There are both positive and negative stories about those who got into acting at a very early age. Check out the then-very young cast of “Diff’rent Strokes” if you want to see some young acting horror stories.
On the other hand, someone like Ron Howard started acting when he was very young and went on to have both a successful career and avoid all of the pitfalls that have tripped up so many other young actors. He’s a great example of how the system should work.
His success did not spark his own daughter, Bryce Dallas Howard, to follow his lead. She was in her 20s before her acting career really launched.
The star of the upcoming “Pete’s Dragon” says she had a very good reason for not starting acting at a younger age.
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“Because done right, it’s a parent’s full-time job. It’s really their full-time job, and my dad had a full-time job. And my mom had a full-time job taking care of my dad and four kids,” Howard says.
Her work has often brought her in contact with young actors. The ones she expects to survive the tumultuous world of being a young actor – such as her “Pete’s Dragon” co-stars Oona Laurence and Oakes Fegley – are those who have a family structure similar to hers.
Howard says that her grandparents saw that her father and her uncle, Clint Howard, had callings to act and decided to do what they had to for support.
“There were certain boundaries and certain requirements,” she says. Her dad “had to keep up his grades and all of that, and he had to treat it like a job. He had to behave like a professional.
“But like if a kid has a passion for chess or a kid has a passion for soccer, as a parent you support that, obviously, within reason.”
As for working with kid actors, Bryce Dallas Howard enjoys the experience. That’s because it doesn’t always feel so much like work as getting a chance to just let it all feel like a natural experience.
Now, as a mother of two children who have two generations of actors to look to for help, Howard has to deal with their ideas about acting. Her son was an extra in “Jurassic World,” and after the shoot told his mother that the next time he wanted to be the lead.
“And I said, ‘Well, if you study very hard and you go to school and you audition a lot and you get a role, there’s a chance that you might be able to be the lead of something.’ And he said, ‘Well, how old do I need to be?’ and I said, ‘Well, you’d need to be over 18.’ ”
She found out that after her son went back to school, he was telling everyone he would be the lead in a movie when he was 20. The youngster thought it was just a matter of age.
In her ‘Twilight’ years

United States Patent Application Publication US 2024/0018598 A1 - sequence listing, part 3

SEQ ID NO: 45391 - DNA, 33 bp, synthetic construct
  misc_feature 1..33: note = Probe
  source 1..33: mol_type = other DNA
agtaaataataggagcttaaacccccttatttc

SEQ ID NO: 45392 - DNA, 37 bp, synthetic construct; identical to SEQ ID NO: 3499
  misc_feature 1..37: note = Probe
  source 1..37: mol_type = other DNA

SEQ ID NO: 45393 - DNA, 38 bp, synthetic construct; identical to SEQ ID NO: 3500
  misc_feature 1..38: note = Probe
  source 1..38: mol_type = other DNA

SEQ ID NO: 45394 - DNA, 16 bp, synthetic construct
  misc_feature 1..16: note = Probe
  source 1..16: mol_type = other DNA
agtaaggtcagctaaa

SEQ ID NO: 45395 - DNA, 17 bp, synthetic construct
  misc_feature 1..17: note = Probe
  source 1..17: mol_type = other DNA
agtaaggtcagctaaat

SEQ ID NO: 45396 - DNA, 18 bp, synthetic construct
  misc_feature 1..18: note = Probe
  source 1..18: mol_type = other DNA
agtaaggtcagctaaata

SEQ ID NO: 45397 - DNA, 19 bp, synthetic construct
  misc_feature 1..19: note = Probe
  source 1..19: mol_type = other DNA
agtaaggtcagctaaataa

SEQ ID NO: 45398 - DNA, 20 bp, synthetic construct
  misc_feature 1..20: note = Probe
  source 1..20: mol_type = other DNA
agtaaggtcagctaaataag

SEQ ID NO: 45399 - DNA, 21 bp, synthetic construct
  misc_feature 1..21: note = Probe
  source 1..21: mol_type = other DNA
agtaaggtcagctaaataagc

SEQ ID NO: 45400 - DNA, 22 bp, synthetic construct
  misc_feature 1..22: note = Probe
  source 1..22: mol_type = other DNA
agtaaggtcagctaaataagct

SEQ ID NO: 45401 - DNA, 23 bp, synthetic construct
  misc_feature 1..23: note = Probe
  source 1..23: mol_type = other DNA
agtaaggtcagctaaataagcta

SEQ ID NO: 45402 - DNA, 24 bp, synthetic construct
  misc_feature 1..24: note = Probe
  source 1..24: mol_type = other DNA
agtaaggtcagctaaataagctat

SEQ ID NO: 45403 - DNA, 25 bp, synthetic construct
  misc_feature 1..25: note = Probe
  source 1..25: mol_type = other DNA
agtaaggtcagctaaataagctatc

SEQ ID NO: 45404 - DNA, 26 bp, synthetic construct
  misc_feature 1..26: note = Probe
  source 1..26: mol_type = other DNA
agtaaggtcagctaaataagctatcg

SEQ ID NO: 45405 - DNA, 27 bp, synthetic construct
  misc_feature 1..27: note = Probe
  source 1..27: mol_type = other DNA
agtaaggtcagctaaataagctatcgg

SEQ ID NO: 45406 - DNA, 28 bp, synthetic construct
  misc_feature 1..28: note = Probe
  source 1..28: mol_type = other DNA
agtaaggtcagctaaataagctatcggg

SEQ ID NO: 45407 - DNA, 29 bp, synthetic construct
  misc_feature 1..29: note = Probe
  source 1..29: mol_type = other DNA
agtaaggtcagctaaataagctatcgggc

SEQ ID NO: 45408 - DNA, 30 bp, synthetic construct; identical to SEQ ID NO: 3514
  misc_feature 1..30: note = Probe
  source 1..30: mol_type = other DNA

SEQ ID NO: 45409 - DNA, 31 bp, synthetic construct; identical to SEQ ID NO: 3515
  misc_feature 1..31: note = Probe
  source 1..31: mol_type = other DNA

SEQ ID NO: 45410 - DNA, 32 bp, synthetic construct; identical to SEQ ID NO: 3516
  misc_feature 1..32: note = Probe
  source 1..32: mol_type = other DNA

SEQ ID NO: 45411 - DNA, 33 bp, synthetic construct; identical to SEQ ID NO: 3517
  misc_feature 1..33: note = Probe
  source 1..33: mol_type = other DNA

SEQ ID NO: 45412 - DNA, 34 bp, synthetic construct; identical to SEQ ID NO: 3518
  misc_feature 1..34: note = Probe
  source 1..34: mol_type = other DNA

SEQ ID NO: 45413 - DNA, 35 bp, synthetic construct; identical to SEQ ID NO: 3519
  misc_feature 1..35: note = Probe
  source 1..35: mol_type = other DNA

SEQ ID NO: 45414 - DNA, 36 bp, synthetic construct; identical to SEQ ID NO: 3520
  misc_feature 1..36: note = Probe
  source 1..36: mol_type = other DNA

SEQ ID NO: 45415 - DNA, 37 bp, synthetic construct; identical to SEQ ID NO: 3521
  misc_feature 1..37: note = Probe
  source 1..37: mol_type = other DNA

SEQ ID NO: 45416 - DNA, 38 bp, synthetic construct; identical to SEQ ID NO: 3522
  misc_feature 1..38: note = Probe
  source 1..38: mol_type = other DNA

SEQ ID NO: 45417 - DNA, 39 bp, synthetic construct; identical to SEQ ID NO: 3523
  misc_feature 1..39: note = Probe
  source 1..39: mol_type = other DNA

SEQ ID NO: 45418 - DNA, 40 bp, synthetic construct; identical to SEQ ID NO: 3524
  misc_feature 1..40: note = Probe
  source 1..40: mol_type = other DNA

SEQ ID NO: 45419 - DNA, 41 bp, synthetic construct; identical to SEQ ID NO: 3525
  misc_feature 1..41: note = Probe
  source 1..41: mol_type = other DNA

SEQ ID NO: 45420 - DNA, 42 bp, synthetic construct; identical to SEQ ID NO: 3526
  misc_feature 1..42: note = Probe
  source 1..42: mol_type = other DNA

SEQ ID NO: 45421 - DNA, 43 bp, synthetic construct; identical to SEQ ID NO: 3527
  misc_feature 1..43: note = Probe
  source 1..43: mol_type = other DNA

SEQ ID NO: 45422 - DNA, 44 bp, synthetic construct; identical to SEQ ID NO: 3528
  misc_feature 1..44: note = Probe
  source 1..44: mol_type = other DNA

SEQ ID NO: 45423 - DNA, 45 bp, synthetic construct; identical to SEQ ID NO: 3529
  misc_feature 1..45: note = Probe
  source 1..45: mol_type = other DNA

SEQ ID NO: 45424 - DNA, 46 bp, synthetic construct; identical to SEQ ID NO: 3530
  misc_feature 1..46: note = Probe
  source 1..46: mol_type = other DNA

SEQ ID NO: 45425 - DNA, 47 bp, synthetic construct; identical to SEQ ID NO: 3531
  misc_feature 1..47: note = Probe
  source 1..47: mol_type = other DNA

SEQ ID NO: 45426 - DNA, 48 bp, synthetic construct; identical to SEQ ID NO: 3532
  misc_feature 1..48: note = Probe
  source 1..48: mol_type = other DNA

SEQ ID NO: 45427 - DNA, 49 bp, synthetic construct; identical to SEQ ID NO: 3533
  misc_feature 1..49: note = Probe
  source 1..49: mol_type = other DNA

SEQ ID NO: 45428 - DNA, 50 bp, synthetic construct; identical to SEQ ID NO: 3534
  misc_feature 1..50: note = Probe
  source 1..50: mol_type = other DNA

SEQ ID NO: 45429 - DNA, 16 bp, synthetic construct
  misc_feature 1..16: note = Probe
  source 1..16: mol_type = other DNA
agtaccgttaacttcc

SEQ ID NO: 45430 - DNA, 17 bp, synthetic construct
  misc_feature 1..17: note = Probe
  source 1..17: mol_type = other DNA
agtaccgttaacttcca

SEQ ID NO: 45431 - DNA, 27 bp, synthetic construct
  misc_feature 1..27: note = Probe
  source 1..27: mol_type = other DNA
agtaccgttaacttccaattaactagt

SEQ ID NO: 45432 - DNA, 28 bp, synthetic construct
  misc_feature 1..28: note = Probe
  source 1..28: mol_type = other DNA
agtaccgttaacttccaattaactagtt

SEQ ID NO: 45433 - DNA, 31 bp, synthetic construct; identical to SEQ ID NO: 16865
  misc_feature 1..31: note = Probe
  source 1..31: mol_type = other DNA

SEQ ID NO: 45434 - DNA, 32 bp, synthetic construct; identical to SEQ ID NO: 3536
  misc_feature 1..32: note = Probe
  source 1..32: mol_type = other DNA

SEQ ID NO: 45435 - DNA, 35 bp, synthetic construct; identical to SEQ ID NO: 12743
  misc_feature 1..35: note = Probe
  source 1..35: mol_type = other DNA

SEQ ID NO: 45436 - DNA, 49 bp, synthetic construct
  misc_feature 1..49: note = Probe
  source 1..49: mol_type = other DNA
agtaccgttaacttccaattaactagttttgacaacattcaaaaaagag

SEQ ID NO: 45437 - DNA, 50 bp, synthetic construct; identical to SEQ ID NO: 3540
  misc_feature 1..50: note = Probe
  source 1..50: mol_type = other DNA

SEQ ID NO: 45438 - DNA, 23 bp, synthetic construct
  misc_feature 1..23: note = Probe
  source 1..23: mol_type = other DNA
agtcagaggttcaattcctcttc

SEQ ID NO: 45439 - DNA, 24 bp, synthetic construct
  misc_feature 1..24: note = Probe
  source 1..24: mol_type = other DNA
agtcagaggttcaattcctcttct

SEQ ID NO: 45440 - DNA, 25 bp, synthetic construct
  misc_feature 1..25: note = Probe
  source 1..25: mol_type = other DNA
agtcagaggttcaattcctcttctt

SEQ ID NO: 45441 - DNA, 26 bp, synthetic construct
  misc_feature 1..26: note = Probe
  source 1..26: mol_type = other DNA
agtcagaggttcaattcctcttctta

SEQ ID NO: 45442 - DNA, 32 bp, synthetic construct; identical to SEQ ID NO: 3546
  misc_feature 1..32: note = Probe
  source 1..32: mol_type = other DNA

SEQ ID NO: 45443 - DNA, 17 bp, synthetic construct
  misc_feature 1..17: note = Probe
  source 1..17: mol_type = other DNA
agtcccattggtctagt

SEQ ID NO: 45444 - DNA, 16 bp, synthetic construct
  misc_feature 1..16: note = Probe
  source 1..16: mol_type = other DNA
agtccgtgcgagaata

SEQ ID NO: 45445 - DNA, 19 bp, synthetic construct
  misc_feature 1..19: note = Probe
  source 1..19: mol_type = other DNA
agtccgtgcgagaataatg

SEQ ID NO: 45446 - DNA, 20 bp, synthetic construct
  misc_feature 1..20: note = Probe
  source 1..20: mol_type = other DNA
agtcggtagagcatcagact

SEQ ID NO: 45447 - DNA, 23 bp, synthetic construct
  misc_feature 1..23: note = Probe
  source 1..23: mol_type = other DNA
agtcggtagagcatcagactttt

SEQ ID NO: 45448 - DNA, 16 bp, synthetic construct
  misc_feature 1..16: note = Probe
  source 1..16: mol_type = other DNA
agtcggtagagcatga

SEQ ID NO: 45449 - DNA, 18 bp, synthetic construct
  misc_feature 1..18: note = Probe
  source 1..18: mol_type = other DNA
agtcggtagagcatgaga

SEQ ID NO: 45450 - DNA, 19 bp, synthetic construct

Mackenzie Foy found out early in life what it means to be an actor in a franchise with rabid fans. She played Renesmee, the daughter of Bella and Edward, in both halves of “The Twilight Saga: Breaking Dawn.” She was only 10 when she shot the movies.
So far, her fan experience has been positive.
“I am very lucky in that I have very incredible fans who support me,” Mackenzie says during an interview to talk about her voice work as The Little Girl in the new animated film “The Little Prince.” The Little Girl is dealing with a strict educational curriculum set up by her mother to make sure the youngster is ready for the fall.
The actress calls doing voice work the hardest acting job she’s ever had because the only way she could express emotions was through her voice. It helped that her recording sessions with Jeff Bridges, who voices The Aviator, were done at the home of the veteran actor.
Bridges, who is also a musician, has a full recording studio in his home.
Mackenzie could also relate to her “Little Prince” character because she’s home-schooled. She also has to keep up with studies while also finding opportunities to act and, when time allows, have some fun.
“For me, the balance is getting good grades. That’s very important to me. But, also having fun with it. You can’t do school and be like, ‘Oh, I have to do it.’ You have to have fun to get good grades and get an education,” Mackenzie says.
End is here: “Hell on Wheels” concluded its five-season run on AMC with a series finale episode that attracted 2.5 million total viewers.
Back for more: USA Network’s “Chrisley Knows Best” will return for the second half of its fourth season at 10 p.m. Tuesday, Aug. 23, with two new back-to-back episodes.
Don’t be square: VH1 is giving the classic game show “Hollywood Squares” a hip-hop makeover with the help of Ice Cube. Slated for a fall premiere, celebrity contestants will match wits and test their pop culture knowledge with the superstar squares, featuring those in hip-hop, comedy and entertainment.